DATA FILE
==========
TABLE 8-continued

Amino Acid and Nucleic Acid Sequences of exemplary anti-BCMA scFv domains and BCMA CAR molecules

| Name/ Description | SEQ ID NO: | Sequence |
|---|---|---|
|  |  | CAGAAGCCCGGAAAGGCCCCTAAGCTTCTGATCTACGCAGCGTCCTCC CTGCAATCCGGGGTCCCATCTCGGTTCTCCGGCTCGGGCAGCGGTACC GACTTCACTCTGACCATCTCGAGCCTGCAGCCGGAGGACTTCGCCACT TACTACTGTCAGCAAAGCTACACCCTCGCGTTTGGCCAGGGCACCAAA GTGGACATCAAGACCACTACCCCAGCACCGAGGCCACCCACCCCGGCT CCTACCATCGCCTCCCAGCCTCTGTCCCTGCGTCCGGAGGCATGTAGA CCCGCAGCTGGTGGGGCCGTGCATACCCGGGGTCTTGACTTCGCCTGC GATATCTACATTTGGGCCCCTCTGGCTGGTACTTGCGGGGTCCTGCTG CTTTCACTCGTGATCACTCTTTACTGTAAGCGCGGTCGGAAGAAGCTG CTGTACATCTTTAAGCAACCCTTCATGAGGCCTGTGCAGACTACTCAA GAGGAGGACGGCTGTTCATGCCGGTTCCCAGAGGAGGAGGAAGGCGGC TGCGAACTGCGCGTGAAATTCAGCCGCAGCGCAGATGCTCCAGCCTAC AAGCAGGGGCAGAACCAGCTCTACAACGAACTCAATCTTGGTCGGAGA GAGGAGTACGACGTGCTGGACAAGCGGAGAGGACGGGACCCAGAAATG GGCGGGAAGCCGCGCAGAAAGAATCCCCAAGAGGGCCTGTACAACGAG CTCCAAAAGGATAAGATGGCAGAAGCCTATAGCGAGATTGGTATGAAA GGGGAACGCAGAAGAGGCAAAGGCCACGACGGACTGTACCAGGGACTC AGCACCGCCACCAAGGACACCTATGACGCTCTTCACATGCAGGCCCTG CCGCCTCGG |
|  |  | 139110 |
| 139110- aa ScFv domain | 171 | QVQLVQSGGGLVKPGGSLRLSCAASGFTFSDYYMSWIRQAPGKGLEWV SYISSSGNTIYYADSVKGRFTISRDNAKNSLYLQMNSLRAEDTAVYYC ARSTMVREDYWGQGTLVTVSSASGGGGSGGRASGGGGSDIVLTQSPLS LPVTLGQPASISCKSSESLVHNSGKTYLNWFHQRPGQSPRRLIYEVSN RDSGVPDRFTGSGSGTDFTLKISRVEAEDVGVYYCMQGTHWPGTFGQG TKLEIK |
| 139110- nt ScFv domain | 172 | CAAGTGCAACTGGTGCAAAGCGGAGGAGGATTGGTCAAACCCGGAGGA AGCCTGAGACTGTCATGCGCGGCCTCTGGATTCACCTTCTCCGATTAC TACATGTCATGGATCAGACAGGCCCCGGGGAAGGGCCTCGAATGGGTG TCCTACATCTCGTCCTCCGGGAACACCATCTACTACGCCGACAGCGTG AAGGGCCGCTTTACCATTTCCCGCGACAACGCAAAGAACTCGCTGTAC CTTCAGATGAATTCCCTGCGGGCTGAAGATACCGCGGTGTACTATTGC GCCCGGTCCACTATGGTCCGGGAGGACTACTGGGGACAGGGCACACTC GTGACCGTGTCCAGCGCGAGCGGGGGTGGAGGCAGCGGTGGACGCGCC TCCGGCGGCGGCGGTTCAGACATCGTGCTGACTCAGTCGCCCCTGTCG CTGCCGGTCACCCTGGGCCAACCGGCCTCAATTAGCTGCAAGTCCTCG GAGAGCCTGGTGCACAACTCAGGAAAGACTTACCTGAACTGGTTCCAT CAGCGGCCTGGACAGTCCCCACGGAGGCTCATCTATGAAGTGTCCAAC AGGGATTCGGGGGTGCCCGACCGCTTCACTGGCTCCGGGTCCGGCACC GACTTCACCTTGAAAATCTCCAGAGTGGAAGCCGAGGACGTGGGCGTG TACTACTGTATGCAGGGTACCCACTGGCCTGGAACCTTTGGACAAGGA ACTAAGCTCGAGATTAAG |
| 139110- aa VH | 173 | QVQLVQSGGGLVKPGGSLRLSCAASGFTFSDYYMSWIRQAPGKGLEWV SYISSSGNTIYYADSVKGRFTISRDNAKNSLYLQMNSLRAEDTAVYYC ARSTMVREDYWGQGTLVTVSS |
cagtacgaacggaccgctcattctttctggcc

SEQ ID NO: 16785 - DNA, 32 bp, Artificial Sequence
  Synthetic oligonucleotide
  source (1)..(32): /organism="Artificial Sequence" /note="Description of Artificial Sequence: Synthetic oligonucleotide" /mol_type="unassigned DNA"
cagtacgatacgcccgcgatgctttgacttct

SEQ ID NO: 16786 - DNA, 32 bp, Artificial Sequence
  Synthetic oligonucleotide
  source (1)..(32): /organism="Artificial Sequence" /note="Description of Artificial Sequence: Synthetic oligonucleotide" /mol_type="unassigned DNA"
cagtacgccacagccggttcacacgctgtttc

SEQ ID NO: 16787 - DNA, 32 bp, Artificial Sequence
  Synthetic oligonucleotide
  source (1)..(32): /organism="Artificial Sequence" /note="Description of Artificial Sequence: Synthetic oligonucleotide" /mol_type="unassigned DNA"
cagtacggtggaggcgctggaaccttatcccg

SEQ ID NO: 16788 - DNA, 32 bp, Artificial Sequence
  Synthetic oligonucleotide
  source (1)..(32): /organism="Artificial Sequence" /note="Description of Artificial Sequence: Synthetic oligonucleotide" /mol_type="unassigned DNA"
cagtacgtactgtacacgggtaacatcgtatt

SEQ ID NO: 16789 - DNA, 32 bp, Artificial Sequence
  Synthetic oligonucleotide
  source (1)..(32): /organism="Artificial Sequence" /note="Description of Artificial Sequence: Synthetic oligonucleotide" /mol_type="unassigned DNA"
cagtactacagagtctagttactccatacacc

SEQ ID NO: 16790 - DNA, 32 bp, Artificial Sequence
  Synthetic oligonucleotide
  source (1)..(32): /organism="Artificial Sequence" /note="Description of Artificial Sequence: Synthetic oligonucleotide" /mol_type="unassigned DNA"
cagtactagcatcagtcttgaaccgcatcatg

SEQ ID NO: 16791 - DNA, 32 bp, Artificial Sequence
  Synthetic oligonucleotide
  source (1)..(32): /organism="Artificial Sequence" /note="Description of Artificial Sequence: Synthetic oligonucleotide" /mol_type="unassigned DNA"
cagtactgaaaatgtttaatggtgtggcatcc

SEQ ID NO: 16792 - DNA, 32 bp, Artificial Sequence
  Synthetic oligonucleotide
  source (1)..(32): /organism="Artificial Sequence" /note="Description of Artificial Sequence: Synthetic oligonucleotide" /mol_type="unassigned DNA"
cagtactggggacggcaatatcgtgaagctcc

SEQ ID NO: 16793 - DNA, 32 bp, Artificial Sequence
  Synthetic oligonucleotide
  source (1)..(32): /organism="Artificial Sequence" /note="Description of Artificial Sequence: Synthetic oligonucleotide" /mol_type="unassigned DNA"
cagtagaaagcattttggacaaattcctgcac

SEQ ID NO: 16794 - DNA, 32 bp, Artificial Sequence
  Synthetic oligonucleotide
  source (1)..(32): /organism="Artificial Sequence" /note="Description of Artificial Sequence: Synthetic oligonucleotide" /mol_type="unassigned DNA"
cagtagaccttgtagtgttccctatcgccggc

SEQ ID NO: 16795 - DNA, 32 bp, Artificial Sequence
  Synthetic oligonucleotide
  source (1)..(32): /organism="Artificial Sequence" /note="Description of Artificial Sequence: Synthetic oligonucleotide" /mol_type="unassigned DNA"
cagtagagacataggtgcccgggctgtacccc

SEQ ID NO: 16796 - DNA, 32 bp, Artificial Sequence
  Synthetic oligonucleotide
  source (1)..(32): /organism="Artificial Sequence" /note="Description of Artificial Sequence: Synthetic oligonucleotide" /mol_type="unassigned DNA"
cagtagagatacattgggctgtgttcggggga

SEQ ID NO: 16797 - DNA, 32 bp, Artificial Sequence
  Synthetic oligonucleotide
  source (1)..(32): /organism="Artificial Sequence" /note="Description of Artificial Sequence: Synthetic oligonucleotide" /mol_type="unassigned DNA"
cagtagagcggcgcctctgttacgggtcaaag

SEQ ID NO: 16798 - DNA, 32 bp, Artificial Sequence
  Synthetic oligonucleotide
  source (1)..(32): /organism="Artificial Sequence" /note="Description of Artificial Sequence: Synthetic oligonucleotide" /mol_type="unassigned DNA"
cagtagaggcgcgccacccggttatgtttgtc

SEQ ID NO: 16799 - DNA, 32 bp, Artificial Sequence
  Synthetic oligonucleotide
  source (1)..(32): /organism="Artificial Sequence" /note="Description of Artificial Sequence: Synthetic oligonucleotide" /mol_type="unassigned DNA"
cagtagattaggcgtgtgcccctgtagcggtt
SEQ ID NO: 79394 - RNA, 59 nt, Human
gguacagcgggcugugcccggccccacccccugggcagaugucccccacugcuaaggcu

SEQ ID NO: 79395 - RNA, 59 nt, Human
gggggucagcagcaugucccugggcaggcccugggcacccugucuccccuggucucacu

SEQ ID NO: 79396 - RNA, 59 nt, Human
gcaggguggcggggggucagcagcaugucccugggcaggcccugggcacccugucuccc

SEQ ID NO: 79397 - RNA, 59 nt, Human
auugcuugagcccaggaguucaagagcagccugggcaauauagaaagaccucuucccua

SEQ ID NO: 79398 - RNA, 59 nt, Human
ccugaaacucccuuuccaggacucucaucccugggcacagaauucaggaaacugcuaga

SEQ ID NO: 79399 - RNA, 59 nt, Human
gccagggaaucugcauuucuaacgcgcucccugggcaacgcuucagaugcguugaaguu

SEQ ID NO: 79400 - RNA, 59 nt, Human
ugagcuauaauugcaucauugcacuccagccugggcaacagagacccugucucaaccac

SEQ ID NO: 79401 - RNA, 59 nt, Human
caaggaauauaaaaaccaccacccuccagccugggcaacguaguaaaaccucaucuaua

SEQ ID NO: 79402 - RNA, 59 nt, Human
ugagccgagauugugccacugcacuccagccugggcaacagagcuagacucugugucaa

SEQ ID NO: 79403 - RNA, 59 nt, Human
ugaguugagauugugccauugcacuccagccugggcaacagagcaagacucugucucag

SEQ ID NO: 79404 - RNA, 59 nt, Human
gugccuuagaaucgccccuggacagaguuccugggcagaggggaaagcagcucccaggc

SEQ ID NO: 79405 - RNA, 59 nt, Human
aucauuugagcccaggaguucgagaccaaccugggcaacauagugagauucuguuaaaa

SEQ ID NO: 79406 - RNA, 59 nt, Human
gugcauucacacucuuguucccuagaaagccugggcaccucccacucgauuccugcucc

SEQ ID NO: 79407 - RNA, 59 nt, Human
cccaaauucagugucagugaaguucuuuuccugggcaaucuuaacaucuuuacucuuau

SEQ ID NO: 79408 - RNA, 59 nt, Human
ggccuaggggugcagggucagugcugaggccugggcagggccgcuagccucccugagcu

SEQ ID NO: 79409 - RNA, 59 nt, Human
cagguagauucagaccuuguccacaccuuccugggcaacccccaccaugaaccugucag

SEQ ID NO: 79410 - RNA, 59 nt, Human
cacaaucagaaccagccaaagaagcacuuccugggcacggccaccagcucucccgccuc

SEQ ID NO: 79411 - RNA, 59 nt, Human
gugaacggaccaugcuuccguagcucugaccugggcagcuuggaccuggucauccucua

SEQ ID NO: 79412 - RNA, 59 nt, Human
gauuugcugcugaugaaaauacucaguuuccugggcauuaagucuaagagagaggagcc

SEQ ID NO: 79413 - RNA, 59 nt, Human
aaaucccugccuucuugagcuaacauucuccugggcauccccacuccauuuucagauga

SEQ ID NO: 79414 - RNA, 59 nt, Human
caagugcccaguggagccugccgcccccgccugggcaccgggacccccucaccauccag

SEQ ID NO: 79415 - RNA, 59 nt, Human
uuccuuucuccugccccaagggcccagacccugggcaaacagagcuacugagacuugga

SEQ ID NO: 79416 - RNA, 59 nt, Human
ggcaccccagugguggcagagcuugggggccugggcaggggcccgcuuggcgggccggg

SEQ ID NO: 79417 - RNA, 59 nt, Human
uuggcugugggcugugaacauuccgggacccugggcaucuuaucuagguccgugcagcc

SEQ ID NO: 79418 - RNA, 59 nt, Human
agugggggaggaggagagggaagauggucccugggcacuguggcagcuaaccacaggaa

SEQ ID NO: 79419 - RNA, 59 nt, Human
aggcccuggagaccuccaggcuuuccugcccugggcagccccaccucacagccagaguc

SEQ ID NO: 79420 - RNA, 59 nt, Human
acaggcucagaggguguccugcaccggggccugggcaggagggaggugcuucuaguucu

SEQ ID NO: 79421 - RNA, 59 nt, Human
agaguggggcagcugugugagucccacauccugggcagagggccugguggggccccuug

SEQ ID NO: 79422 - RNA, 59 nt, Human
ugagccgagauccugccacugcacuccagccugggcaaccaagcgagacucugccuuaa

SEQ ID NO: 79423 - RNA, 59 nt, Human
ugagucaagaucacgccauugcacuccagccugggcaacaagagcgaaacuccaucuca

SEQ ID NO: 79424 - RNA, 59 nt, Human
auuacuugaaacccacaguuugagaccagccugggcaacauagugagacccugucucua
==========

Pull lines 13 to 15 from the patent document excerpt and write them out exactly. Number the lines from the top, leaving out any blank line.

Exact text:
  source (1)..(32): /organism="Artificial Sequence" /note="Description of Artificial Sequence: Synthetic oligonucleotide" /mol_type="unassigned DNA"
cagtacgatacgcccgcgatgctttgacttct

SEQ ID NO: 16786 - DNA, 32 bp, Artificial Sequence